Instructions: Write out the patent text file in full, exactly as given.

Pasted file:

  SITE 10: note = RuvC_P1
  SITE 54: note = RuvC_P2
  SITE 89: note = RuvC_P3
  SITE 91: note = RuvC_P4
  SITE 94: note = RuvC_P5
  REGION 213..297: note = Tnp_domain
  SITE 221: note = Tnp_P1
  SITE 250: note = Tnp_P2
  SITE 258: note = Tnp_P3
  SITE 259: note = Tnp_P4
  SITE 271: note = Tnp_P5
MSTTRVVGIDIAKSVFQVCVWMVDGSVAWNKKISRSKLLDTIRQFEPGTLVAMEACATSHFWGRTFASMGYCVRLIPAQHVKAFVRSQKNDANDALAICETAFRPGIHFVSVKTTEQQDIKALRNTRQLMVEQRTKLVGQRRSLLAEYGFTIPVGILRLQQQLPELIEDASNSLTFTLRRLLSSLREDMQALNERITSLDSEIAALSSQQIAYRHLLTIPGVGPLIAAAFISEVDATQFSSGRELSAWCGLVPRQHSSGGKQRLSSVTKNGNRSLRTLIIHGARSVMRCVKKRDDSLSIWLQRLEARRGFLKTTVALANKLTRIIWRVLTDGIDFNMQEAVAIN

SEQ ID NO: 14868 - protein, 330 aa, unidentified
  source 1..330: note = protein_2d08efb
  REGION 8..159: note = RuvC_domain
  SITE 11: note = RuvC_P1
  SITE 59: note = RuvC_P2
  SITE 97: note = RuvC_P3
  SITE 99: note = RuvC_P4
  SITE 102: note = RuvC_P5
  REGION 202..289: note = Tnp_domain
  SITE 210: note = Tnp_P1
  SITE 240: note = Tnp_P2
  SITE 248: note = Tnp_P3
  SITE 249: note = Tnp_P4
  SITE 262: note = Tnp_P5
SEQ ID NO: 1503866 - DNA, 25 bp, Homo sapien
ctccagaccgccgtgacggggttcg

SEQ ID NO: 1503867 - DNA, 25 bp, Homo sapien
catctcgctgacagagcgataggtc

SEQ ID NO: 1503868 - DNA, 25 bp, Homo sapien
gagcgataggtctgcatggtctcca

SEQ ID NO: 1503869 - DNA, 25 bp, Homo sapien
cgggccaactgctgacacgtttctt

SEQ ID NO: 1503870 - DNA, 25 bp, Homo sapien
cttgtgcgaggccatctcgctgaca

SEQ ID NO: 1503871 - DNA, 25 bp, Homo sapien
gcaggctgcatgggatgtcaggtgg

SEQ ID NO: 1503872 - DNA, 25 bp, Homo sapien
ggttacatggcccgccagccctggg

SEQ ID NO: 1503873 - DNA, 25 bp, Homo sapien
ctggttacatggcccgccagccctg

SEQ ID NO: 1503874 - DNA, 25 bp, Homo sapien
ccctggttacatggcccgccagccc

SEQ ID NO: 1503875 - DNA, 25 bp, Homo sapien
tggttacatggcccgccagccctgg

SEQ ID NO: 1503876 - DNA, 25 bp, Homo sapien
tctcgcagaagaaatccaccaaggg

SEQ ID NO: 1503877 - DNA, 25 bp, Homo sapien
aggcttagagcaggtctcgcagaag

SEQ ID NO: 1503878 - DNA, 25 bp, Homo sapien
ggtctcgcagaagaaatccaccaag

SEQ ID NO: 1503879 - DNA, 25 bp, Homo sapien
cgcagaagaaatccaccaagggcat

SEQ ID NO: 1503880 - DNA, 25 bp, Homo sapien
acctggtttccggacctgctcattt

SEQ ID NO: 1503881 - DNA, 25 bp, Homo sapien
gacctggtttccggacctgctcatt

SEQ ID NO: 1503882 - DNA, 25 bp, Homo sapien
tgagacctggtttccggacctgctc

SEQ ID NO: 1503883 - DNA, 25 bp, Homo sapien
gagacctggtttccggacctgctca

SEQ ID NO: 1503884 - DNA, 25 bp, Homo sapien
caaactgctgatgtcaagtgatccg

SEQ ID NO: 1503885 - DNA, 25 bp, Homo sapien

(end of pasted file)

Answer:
  SITE 10: note = RuvC_P1
  SITE 54: note = RuvC_P2
  SITE 89: note = RuvC_P3
  SITE 91: note = RuvC_P4
  SITE 94: note = RuvC_P5
  REGION 213..297: note = Tnp_domain
  SITE 221: note = Tnp_P1
  SITE 250: note = Tnp_P2
  SITE 258: note = Tnp_P3
  SITE 259: note = Tnp_P4
  SITE 271: note = Tnp_P5
MSTTRVVGIDIAKSVFQVCVWMVDGSVAWNKKISRSKLLDTIRQFEPGTLVAMEACATSHFWGRTFASMGYCVRLIPAQHVKAFVRSQKNDANDALAICETAFRPGIHFVSVKTTEQQDIKALRNTRQLMVEQRTKLVGQRRSLLAEYGFTIPVGILRLQQQLPELIEDASNSLTFTLRRLLSSLREDMQALNERITSLDSEIAALSSQQIAYRHLLTIPGVGPLIAAAFISEVDATQFSSGRELSAWCGLVPRQHSSGGKQRLSSVTKNGNRSLRTLIIHGARSVMRCVKKRDDSLSIWLQRLEARRGFLKTTVALANKLTRIIWRVLTDGIDFNMQEAVAIN

SEQ ID NO: 14868 - protein, 330 aa, unidentified
  source 1..330: note = protein_2d08efb
  REGION 8..159: note = RuvC_domain
  SITE 11: note = RuvC_P1
  SITE 59: note = RuvC_P2
  SITE 97: note = RuvC_P3
  SITE 99: note = RuvC_P4
  SITE 102: note = RuvC_P5
  REGION 202..289: note = Tnp_domain
  SITE 210: note = Tnp_P1
  SITE 240: note = Tnp_P2
  SITE 248: note = Tnp_P3
  SITE 249: note = Tnp_P4
  SITE 262: note = Tnp_P5
SEQ ID NO: 1503866 - DNA, 25 bp, Homo sapien
ctccagaccgccgtgacggggttcg

SEQ ID NO: 1503867 - DNA, 25 bp, Homo sapien
catctcgctgacagagcgataggtc

SEQ ID NO: 1503868 - DNA, 25 bp, Homo sapien
gagcgataggtctgcatggtctcca

SEQ ID NO: 1503869 - DNA, 25 bp, Homo sapien
cgggccaactgctgacacgtttctt

SEQ ID NO: 1503870 - DNA, 25 bp, Homo sapien
cttgtgcgaggccatctcgctgaca

SEQ ID NO: 1503871 - DNA, 25 bp, Homo sapien
gcaggctgcatgggatgtcaggtgg

SEQ ID NO: 1503872 - DNA, 25 bp, Homo sapien
ggttacatggcccgccagccctggg

SEQ ID NO: 1503873 - DNA, 25 bp, Homo sapien
ctggttacatggcccgccagccctg

SEQ ID NO: 1503874 - DNA, 25 bp, Homo sapien
ccctggttacatggcccgccagccc

SEQ ID NO: 1503875 - DNA, 25 bp, Homo sapien
tggttacatggcccgccagccctgg

SEQ ID NO: 1503876 - DNA, 25 bp, Homo sapien
tctcgcagaagaaatccaccaaggg

SEQ ID NO: 1503877 - DNA, 25 bp, Homo sapien
aggcttagagcaggtctcgcagaag

SEQ ID NO: 1503878 - DNA, 25 bp, Homo sapien
ggtctcgcagaagaaatccaccaag

SEQ ID NO: 1503879 - DNA, 25 bp, Homo sapien
cgcagaagaaatccaccaagggcat

SEQ ID NO: 1503880 - DNA, 25 bp, Homo sapien
acctggtttccggacctgctcattt

SEQ ID NO: 1503881 - DNA, 25 bp, Homo sapien
gacctggtttccggacctgctcatt

SEQ ID NO: 1503882 - DNA, 25 bp, Homo sapien
tgagacctggtttccggacctgctc

SEQ ID NO: 1503883 - DNA, 25 bp, Homo sapien
gagacctggtttccggacctgctca

SEQ ID NO: 1503884 - DNA, 25 bp, Homo sapien
caaactgctgatgtcaagtgatccg

SEQ ID NO: 1503885 - DNA, 25 bp, Homo sapien